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Dungeon Fantasy RPG PDFs to Backers!



It is, at long last, out! Sort of! PDFs of the Dungeon Fantasy Roleplaying Game have been released to Kickstarter backers. I don't think it'll be generally available until next month, but since it's in the wild in at least a limited way, I feel I can talk about this a bit more like a customer than someone involved in the project.

The Dungeon Fantasy RPG is a complete fantasy tabletop roleplaying game. It's based on GURPS 4th edition rules, but it's a stand-alone game, requiring no other books, or even prior knowledge of GURPS. I've already made some general comments elsewhere (I got an advanced peek for a number of reasons, not the least of which is that I was called on to write some follow-up material coming out later). I'll expand on that here.

For those unfamiliar with GURPS, it's a point-buy system rather than randomly rolled, class-and-level, or life path, and pretty much everything in play boils down to "try to roll a target number or less on 3d6," with various ways of figuring out how to get to that target number. GURPS is one of a number of "universal" games which came out in the 80s, and it gained a following for being comprehensive in scope, well edited, and, for books with scientific or historical content, highly accurate and informative. It's in its fourth edition now, so it's refined and very stable. The DFRPG is a stripped-down version of that, an implementation focused on dungeon-crawl fantasy gaming. GURPS tends to have some front-loaded complexity involved, but this cuts through at lot of that, letting you get to actual play, which is usually pretty smooth, quickly, and it doesn't miss a single opportunity to provide useful advice and convenient references to keep the action moving. It keeps a lot of the flexibility and useful detail, but strips out a lot you don't need for a fantasy game. The one box contains a complete fantasy RPG, requiring no books from the orthodox GURPS line.

For those familiar with the GURPS product line, this is the oft-mused-about "GURPS Medium," heavier than the free GURPS Lite, but much lighter than the parent rules. The bulk of the material is a distilled version of the rules in the Basic Set, plus GURPS Dungeon Fantasy 1, GURPS Dungeon Fantasy 2, GURPS Dungeon Fantasy Monsters 1, GURPS Dungeon Fantasy Monsters 2, and bits and pieces of some other books. The result is maybe two thirds of the size of the Basic Set volumes. Things it doesn't include are:
  • Rules not directly relevant for adventuring in pseudo-historical drag. No TLs or equipment from after the Industrial Revolution. I've said elsewhere that DF is set in TL Olden Times, and this set continues to embrace that. It's a pulp fantasy/video game comprehension of technology, not bothering to make much of a distinction between, say, Classical, Medieval, and Renaissance technologies.
  • Rules not directly relevant for dungeon and wilderness adventures. It does retain a core of rules for social interaction (influence skills, reaction rolls) so adventurers still have a framework for negotiating with merchants in town and demon princes in the dungeons, but don't expect the level of support that you'd find in, say, GURPS Social Engineering.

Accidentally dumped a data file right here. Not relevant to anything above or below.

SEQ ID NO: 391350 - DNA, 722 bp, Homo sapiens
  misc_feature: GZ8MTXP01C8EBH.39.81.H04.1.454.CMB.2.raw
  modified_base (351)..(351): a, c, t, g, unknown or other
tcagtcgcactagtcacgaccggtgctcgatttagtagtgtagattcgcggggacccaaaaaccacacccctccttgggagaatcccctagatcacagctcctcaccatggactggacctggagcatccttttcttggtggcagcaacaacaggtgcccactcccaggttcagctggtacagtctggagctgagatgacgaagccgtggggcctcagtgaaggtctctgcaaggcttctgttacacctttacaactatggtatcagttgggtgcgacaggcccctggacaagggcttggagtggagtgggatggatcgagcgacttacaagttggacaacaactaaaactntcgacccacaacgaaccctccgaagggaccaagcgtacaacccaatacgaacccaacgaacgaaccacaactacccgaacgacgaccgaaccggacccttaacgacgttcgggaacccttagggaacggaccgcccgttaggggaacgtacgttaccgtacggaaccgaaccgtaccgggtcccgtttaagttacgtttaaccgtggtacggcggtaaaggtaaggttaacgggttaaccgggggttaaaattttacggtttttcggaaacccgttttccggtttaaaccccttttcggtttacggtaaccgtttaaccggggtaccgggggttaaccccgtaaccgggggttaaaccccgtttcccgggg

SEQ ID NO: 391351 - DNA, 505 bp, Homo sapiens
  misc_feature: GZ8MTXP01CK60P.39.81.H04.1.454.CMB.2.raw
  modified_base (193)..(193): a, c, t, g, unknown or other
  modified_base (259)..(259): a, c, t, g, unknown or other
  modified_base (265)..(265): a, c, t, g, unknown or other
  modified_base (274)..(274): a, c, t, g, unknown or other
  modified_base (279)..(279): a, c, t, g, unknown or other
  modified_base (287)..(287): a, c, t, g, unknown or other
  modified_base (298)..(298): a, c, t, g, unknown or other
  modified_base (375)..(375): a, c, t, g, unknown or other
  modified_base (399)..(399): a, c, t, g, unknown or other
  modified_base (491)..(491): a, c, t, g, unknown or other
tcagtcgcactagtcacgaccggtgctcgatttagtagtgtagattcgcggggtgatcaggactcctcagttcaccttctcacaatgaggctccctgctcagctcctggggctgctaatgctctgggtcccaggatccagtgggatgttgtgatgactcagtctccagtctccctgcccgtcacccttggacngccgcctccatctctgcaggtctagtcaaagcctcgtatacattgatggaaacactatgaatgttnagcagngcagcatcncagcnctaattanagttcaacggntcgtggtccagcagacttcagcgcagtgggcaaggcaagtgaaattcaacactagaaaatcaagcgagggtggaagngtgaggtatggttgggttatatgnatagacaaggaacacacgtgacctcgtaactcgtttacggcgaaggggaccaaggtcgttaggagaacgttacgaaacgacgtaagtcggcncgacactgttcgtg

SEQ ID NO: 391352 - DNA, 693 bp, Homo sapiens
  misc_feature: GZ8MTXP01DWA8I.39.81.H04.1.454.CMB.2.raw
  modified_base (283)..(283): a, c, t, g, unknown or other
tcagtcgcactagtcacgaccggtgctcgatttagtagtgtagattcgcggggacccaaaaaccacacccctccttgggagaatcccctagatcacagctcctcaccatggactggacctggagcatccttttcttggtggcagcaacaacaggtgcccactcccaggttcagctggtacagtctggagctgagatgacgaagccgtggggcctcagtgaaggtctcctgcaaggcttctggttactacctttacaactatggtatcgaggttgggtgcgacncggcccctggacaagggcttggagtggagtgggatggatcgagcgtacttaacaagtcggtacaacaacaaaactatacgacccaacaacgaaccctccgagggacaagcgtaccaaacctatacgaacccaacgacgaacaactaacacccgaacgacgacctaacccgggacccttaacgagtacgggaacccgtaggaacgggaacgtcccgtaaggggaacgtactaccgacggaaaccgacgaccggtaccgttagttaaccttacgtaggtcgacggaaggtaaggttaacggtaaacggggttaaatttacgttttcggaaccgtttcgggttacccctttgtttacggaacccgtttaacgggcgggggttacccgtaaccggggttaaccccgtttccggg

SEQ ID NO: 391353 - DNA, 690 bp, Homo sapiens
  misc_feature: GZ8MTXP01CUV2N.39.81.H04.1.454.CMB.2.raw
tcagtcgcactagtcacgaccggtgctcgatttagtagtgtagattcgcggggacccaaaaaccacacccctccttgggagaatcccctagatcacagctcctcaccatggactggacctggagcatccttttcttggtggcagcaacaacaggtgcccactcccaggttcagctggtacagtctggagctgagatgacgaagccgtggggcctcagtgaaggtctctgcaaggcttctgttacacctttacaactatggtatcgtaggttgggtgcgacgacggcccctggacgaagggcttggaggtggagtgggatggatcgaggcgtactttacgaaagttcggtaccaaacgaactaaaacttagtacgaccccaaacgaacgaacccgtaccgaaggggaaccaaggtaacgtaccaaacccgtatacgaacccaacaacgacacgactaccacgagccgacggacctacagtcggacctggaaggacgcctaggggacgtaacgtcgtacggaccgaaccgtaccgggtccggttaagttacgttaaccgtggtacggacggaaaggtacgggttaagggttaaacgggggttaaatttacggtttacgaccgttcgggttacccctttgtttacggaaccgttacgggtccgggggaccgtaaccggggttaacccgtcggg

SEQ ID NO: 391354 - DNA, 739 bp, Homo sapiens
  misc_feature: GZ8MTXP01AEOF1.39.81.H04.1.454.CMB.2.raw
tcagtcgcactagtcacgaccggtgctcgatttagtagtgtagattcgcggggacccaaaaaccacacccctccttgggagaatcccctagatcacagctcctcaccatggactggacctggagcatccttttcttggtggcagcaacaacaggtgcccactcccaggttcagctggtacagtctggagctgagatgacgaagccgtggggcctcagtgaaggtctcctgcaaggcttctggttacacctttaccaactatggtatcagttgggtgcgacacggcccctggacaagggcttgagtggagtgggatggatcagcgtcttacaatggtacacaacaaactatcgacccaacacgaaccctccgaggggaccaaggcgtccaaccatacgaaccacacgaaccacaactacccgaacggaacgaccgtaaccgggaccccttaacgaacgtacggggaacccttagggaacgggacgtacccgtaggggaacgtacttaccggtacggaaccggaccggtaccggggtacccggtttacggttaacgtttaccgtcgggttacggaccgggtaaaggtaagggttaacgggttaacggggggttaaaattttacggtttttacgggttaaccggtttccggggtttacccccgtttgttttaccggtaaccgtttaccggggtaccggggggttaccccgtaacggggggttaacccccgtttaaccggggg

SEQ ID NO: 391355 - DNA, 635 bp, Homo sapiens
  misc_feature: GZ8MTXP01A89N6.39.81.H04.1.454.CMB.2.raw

• Fiddly customization systems. Orthodox GURPS provides vast scope for fine-tuning abilities, like adding enhancements and limitations to advantages and disadvantages or techniques to skills, or the Affliction and Innate Attack advantages, which essentially frameworks for abilities rather than abilities themselves. Those are dispensed with here. There are a number of profession-related abilities which, if you were to look under the hood, would be revealed as the products of those systems, but here it's just "Here are some abilities; now go do something with them."
  • A setting. Sort of. There are a number of tropes in play. Good and evil objectively exist and can be detected in certain kinds of entities (though usually not humans and other such mundane persons). There are horrific Things From Beyond Time And Space, distinct from the Devil and his minions, and nature has a power of its own (it's a common joke in DF that there are four moral orientations: good, evil, bunny, and squid). Clerics worship gods who grant them their powers. A mysterious East from which martial artists derive is suggested though not required. There are kings running the show in civilized areas through their enforcers, though there's a lot of dangerous territory outside of their jurisdiction. However, no specific kings, empires of the east, demon lords, or anything like that are mentioned. The game tells you what kind of place it is without giving you a specific place. That, you still make up yourself.

And one of the lovely things about this, at least for people like me, is that it's still GURPS. The box set stands by itself and requires nothing else to play, but it is nevertheless 95+% compatible with the rest of GURPS. Want more treasures? Just pick up the GURPS Dungeon Fantasy 8:Treasure Tables PDF. Want more detailed and finely tuned combat abilities? GURPS Martial Arts will let you layer techniques and styles on top of existing skills. Want to roll your own Expedition to Barrier Peaks? Nothing's stopping you from tossing in stuff from GURPS Ultra-Tech. But you won't need to. If you want to, you can begin and end with the box set and have a perfectly good time.


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